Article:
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Newmarket glider crash: Pilot Gerrard Dale describes collision

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Media captionGerrard Dale said his first thought was: "I'm not going to die after all"

A glider pilot who parachuted to the ground and was knocked out after a mid-air collision in Suffolk said the crash had been an "intense experience".

Gerrard Dale, 53, a member of a club at Alton in Hampshire, was taking part in a gliding competition when the crash happened near Newmarket on Monday.

He was treated in hospital for bumps and bruises, while his glider crashed into a tree.

The other pilot involved landed his glider and was unhurt.

About 50 aircraft were taking part in the 2012 British Club Class Gliding National Championships, held by the Cambridge Gliding Centre at Little Gransden near St Neots.

Mr Dale, who is a member of Lasham Gliding Society, hit his head on landing and was unconscious for 10 minutes.

Falling nose-first

Speaking the next day, he said: "I'm slightly battered, bruised and a bit dishevelled, but I'm all right.

"I remember stabilising the glider after the aircraft touched and thinking I could maybe fly away, but then the thing went right out of control."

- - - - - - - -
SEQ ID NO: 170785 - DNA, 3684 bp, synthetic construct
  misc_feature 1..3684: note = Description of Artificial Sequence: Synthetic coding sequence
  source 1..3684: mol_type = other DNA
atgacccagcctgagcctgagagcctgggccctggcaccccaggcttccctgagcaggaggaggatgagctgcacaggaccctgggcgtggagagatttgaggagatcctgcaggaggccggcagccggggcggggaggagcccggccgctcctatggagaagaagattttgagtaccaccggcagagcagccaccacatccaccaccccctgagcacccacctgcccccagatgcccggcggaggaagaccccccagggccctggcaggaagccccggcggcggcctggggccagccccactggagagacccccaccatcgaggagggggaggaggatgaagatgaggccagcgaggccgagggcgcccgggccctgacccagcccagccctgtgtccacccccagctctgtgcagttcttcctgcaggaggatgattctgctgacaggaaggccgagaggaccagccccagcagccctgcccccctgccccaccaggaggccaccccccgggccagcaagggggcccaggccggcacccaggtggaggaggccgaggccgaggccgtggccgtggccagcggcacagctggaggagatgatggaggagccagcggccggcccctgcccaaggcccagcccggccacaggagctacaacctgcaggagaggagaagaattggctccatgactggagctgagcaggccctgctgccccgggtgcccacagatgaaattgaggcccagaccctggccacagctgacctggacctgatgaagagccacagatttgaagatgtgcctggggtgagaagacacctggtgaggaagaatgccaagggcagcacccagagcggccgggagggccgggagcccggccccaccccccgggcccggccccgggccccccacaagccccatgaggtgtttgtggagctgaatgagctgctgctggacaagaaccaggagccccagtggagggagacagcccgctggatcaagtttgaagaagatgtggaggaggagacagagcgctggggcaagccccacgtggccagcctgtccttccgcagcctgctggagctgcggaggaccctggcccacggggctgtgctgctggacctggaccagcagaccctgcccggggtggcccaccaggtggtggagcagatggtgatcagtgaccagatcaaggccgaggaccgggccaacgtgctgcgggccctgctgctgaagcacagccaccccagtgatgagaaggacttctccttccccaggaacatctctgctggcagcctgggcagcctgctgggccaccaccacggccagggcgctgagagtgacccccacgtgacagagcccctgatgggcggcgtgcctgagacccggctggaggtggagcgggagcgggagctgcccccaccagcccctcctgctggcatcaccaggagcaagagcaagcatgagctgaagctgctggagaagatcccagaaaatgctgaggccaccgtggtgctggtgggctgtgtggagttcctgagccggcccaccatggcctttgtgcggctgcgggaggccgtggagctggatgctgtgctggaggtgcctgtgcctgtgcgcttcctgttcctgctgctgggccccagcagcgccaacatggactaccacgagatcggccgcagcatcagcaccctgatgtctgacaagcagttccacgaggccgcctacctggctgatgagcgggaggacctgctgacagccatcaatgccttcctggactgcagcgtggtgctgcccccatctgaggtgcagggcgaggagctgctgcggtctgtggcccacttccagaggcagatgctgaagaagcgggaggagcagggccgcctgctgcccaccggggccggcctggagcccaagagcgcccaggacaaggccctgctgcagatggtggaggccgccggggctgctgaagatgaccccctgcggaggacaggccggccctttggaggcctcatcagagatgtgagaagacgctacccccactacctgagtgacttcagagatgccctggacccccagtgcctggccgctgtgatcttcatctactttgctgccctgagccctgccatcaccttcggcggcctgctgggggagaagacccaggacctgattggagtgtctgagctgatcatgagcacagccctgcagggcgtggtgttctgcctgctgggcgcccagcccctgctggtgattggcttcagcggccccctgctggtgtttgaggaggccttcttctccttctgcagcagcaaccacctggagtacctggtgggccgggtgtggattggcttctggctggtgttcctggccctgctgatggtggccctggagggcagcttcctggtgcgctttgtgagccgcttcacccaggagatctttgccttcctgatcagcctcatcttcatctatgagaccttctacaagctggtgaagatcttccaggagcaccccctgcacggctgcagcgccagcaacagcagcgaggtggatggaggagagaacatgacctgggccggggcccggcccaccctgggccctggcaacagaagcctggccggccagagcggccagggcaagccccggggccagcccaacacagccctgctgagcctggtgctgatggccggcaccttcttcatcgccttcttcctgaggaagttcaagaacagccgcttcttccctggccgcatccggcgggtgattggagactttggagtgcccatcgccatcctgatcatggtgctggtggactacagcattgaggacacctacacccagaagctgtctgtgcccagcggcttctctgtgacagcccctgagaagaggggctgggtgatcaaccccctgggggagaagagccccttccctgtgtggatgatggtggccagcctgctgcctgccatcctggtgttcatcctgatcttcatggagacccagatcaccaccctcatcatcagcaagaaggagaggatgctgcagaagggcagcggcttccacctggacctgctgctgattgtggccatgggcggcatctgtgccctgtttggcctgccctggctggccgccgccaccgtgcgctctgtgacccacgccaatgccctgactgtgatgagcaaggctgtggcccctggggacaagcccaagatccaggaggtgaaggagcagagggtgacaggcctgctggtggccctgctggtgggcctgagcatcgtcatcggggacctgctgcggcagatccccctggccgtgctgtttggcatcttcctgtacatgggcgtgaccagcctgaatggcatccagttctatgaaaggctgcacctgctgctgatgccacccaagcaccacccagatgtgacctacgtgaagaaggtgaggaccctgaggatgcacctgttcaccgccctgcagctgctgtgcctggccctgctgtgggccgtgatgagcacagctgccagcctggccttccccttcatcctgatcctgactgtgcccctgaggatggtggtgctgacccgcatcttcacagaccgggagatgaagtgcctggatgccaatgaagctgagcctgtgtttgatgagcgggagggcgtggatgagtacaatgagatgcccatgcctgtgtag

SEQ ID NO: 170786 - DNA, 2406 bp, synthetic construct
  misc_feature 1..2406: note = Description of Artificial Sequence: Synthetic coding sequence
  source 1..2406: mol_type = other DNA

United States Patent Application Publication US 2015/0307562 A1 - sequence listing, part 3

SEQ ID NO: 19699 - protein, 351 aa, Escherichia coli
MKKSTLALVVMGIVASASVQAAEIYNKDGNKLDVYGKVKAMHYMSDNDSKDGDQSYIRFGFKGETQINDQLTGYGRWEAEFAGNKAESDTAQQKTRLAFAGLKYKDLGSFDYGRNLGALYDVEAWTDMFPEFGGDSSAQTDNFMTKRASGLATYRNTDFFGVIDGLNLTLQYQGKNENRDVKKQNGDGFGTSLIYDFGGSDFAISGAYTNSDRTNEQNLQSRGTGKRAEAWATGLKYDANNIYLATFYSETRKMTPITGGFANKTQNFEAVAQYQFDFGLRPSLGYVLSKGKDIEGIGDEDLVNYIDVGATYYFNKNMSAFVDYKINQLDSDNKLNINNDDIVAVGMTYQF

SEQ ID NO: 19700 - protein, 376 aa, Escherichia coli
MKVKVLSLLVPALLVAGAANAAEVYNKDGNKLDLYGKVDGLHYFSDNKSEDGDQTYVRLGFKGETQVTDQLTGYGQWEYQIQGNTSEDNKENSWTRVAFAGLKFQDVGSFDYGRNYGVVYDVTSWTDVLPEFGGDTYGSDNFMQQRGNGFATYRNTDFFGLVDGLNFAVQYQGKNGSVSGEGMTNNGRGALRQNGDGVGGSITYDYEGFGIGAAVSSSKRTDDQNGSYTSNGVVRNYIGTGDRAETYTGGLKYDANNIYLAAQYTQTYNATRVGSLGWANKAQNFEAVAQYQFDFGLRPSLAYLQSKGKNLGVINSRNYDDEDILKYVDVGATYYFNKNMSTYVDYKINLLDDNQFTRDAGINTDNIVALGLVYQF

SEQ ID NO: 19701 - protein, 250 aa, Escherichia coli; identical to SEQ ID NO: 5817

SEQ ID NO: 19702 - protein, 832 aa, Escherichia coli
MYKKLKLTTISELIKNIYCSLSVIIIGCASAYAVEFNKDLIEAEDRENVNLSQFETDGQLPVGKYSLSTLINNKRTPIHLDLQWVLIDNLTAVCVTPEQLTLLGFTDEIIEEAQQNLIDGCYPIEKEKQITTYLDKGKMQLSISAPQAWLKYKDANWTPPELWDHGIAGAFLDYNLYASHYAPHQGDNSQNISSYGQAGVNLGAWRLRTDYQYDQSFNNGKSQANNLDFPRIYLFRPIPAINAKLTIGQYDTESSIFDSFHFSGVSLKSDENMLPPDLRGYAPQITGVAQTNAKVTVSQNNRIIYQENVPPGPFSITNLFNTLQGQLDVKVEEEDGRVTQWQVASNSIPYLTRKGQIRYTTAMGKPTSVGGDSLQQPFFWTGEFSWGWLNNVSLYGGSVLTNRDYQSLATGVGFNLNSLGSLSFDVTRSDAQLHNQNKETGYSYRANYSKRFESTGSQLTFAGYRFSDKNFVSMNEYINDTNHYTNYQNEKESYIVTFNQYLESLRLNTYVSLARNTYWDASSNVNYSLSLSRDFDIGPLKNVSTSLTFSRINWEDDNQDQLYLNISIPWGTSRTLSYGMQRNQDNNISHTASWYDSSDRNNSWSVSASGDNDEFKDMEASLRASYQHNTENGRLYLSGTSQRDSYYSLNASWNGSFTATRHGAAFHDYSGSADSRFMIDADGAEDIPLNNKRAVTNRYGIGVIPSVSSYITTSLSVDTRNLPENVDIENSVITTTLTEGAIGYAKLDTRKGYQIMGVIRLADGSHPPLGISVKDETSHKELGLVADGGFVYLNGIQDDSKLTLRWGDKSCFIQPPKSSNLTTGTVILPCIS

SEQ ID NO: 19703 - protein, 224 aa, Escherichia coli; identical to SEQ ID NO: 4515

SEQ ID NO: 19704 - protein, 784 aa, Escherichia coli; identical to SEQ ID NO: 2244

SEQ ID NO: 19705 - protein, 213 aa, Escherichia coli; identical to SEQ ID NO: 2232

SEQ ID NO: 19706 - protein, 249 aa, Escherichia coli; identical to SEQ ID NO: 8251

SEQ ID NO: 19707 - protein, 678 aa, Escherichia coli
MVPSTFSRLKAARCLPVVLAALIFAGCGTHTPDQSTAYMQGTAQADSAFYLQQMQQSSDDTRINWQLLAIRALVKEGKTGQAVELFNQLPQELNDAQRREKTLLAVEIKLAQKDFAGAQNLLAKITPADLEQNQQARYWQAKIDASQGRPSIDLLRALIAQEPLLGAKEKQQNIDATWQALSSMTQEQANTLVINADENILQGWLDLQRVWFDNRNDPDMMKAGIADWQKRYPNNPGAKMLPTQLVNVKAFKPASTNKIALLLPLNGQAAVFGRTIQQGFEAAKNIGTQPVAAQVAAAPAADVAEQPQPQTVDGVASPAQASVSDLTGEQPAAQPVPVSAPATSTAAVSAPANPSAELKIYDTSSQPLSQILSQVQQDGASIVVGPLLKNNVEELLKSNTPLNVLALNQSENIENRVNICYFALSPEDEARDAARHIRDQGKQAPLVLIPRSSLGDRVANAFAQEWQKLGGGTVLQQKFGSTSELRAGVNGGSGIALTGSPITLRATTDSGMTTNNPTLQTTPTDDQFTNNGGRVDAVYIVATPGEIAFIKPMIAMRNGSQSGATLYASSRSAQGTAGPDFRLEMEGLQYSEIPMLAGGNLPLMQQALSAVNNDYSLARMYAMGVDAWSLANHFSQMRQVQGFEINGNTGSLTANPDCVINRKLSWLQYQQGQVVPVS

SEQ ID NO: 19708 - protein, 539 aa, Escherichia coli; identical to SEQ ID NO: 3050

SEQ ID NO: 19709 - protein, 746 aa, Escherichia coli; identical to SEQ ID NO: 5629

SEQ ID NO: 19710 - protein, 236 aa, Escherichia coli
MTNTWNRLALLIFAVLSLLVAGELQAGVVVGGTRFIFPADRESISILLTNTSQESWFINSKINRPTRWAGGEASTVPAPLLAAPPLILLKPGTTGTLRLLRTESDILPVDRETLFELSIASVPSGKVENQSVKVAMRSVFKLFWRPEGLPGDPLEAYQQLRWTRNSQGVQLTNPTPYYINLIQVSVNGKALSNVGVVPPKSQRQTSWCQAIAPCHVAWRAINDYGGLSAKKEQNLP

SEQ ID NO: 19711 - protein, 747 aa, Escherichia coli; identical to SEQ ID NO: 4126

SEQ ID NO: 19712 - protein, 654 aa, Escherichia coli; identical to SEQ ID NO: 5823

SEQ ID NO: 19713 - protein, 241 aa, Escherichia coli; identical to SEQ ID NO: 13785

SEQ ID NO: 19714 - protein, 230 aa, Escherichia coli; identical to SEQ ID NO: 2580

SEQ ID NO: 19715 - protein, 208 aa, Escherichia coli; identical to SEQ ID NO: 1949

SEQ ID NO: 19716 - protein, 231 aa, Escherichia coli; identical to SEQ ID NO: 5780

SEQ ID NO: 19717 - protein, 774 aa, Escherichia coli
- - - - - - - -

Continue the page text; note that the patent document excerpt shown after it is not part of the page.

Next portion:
Mr Dale said he had got rid of the canopy and his straps and was thrown out of the glider which was falling nose-first.

"I looked down to my left and I could see the glider upside down and quite close, but then I realised it was falling faster than I was.

"I saw the woods and the railway line and the main road, so I had to learn to fly the 'chute pretty quickly.

Image caption Mr Dale said the damage to his glider was "deeply irritating"

"Apparently when I was lying in the field some member of the public turned me over and put me in the recovery position, which might have saved my life because I was coughing and choking."

Mr Dale said he had since met the other pilot, who wants to remain anonymous.

"We don't actually know how we came to come together, but I do remember looking out and seeing another glider really close and thinking 'how did I do that?'.

"We've both got flight files, because we're scored with a GPS satellite observation system, and that should give us the details of how we came together."

The Air Accidents Investigation Branch and the British Gliding Association are investigating the collision.

Mr Dale said: "I'm really annoyed because I did a lot of work on that aircraft, and seeing it hanging in the tree is deeply irritating.

"So I've got to get it down and send it to the repairers now."

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